is it too much to ask? Anywhere in the world? I live in one, pretty much, now, and have done so before, when I lived many years ago in Japan. Although Japan does have a state religion, Shinto, in which the Emperor holds rank, and to which all prime ministers make obeisance on special days. However. France is a secular state (though Alsace is the least secular bit of it - Good Friday is a public holiday here, unlike in the rest of France, and there is religious education in schools here, you can choose Catholic or Protestant and in one or two schools even Jewish) which seems to me a Very Good Thing. I am a communicant Anglican these days, but share (I think) with the Archbishop of Canterbury a wish for the disestablishment of the Church of England. Oh, and in secular France we have a long weekend coming up - Monday 15th August is a public holiday, the Feast of the Assumption of the Virgin, an illustration I think that while states may try to be secular they are often not very good at it.
I was struck by an editorial by David Hearst in the Guardian (natch) to which my attention was drawn by Norm and others, in which the wish is expressed for a democratic, secular state of Israel/Palestine, in which no religious or ethnic group has pre-eminence. Who could be against that? Not me. Like many nominally on the Left (which is where I place myself, though others may not) I am not comfortable with the notion of a state based on religion or ethnicity. Iran, where people get arrested for having water pistol fights because such things are "un-Islamic", and its client Gaza, whose people are human shields against the Jew. And others. But where does that lead us? Back when I was young and foolish there used to be an organisation called the Democratic Front for the Liberation of Palestine, and although I did not go in for taking positions on the Middle East when I was in my teens, on what I still think is the sensible ground that I didn't know what I was talking about, I did support that organisation. It doesn't exist any more, and there doesn't seem to be anyone who would like a democratic, secular state in the region. I have no idea what the majority Jewish people of Israel think about this. Because I am talking about one state, not two. And where does that lead us?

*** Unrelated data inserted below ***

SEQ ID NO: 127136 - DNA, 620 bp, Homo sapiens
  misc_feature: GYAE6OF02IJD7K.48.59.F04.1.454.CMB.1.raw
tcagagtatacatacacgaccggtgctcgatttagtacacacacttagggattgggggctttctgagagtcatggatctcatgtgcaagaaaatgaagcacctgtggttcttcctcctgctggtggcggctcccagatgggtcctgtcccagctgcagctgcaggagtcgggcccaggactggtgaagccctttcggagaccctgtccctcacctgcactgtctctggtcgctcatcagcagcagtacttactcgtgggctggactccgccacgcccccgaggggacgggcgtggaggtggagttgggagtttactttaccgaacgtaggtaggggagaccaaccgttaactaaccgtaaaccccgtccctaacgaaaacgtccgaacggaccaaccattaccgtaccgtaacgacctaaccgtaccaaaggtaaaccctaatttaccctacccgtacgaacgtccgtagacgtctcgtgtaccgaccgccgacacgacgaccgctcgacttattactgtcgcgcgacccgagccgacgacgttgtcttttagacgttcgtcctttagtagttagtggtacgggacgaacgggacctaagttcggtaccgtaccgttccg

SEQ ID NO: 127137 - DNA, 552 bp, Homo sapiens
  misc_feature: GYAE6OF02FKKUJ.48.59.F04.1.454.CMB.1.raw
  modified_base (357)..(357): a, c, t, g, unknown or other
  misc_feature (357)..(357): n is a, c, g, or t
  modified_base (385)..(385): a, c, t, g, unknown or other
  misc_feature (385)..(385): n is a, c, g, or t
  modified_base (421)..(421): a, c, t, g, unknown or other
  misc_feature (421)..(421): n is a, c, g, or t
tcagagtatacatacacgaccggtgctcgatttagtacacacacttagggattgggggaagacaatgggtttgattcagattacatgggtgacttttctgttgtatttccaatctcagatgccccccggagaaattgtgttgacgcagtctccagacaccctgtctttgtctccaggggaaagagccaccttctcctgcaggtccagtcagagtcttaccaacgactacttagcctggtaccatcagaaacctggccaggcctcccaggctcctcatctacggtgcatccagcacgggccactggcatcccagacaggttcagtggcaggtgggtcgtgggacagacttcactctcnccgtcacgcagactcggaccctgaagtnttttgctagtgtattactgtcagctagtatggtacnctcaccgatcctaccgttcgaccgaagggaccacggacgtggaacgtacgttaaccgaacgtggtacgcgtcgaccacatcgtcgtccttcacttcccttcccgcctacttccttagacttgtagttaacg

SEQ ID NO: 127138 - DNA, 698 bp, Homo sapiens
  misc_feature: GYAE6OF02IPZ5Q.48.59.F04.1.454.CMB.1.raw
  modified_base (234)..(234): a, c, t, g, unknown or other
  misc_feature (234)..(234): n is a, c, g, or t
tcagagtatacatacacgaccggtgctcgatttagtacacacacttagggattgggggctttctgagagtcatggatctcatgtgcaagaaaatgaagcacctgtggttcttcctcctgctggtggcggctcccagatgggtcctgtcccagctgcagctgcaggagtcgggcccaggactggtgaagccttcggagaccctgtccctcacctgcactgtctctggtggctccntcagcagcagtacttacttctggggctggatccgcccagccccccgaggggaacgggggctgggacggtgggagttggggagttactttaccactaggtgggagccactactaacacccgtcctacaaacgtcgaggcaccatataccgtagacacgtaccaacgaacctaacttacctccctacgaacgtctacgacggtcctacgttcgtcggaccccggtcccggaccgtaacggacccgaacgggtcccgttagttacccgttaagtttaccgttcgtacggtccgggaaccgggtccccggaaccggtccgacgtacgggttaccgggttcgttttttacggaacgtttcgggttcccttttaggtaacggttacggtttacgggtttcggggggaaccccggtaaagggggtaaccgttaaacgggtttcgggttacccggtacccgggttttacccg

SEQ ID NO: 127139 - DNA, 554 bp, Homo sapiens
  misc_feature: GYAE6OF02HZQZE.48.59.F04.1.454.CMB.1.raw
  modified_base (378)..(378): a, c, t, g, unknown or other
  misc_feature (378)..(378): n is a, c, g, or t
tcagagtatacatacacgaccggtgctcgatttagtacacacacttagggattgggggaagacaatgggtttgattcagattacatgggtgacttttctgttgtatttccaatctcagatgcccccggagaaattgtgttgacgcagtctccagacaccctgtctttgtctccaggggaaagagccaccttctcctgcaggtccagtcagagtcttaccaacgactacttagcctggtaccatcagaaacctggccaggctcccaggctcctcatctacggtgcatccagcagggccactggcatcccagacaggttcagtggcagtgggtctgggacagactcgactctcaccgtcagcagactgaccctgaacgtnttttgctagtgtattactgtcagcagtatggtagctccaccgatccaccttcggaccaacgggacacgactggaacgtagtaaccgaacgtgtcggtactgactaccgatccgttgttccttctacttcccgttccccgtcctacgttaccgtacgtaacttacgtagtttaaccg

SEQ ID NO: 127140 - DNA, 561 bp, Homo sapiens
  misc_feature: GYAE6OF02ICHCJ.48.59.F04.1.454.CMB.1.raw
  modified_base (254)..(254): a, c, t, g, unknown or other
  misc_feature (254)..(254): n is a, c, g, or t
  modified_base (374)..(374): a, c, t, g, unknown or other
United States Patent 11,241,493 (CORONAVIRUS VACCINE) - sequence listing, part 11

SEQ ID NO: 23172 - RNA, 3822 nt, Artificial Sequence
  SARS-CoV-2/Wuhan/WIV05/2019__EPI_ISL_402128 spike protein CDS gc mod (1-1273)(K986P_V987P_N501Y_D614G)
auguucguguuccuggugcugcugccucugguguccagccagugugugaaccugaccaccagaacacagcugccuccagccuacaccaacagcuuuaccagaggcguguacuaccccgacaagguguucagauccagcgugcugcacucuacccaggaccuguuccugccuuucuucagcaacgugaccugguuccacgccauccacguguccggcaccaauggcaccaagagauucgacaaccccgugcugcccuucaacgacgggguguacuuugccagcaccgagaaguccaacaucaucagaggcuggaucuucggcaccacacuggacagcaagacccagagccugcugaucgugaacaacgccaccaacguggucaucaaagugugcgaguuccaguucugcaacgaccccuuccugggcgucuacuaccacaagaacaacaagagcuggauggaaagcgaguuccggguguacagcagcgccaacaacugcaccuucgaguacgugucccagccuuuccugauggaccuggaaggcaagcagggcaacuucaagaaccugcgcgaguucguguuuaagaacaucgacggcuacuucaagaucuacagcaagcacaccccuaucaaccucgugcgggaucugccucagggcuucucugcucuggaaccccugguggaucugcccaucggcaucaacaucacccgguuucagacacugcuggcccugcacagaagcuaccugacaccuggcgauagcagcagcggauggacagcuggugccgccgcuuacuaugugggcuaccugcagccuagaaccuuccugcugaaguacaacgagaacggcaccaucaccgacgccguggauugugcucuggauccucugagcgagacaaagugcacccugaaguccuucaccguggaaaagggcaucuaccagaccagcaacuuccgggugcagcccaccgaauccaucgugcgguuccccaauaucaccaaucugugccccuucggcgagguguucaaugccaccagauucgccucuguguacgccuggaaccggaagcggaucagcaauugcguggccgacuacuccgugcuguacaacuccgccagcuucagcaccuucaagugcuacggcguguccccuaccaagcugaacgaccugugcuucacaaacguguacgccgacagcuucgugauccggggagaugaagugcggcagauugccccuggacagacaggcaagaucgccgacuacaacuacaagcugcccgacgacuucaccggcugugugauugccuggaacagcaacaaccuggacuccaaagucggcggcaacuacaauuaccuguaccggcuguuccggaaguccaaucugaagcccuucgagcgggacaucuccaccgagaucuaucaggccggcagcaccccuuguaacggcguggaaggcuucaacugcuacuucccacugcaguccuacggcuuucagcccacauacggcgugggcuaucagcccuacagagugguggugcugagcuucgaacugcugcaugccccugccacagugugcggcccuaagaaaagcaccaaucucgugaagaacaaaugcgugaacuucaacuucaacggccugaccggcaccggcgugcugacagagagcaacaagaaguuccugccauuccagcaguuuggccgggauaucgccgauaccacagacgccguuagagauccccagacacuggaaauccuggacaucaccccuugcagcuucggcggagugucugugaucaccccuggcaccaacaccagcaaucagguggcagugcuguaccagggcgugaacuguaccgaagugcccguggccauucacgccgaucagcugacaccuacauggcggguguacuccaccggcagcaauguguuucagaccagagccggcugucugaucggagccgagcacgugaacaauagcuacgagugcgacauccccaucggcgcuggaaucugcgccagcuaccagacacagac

Well. you tell me. Is there any way for one democratic secular state to exist which does not involve the destruction of democratic Israel and the slaughter of its people? As Hamas and others have pledged to do? Norm and others take the view that what is apparently the start of a move towards one state inevitably means the removal of support for Israel in "the West", which in its turn means destruction and slaughter. Are they right? I fear so. But is there another way? I don't buy Lush products any more because of their support for Islamist racism (they've taken that off their website now), but it's hardly enough, is it?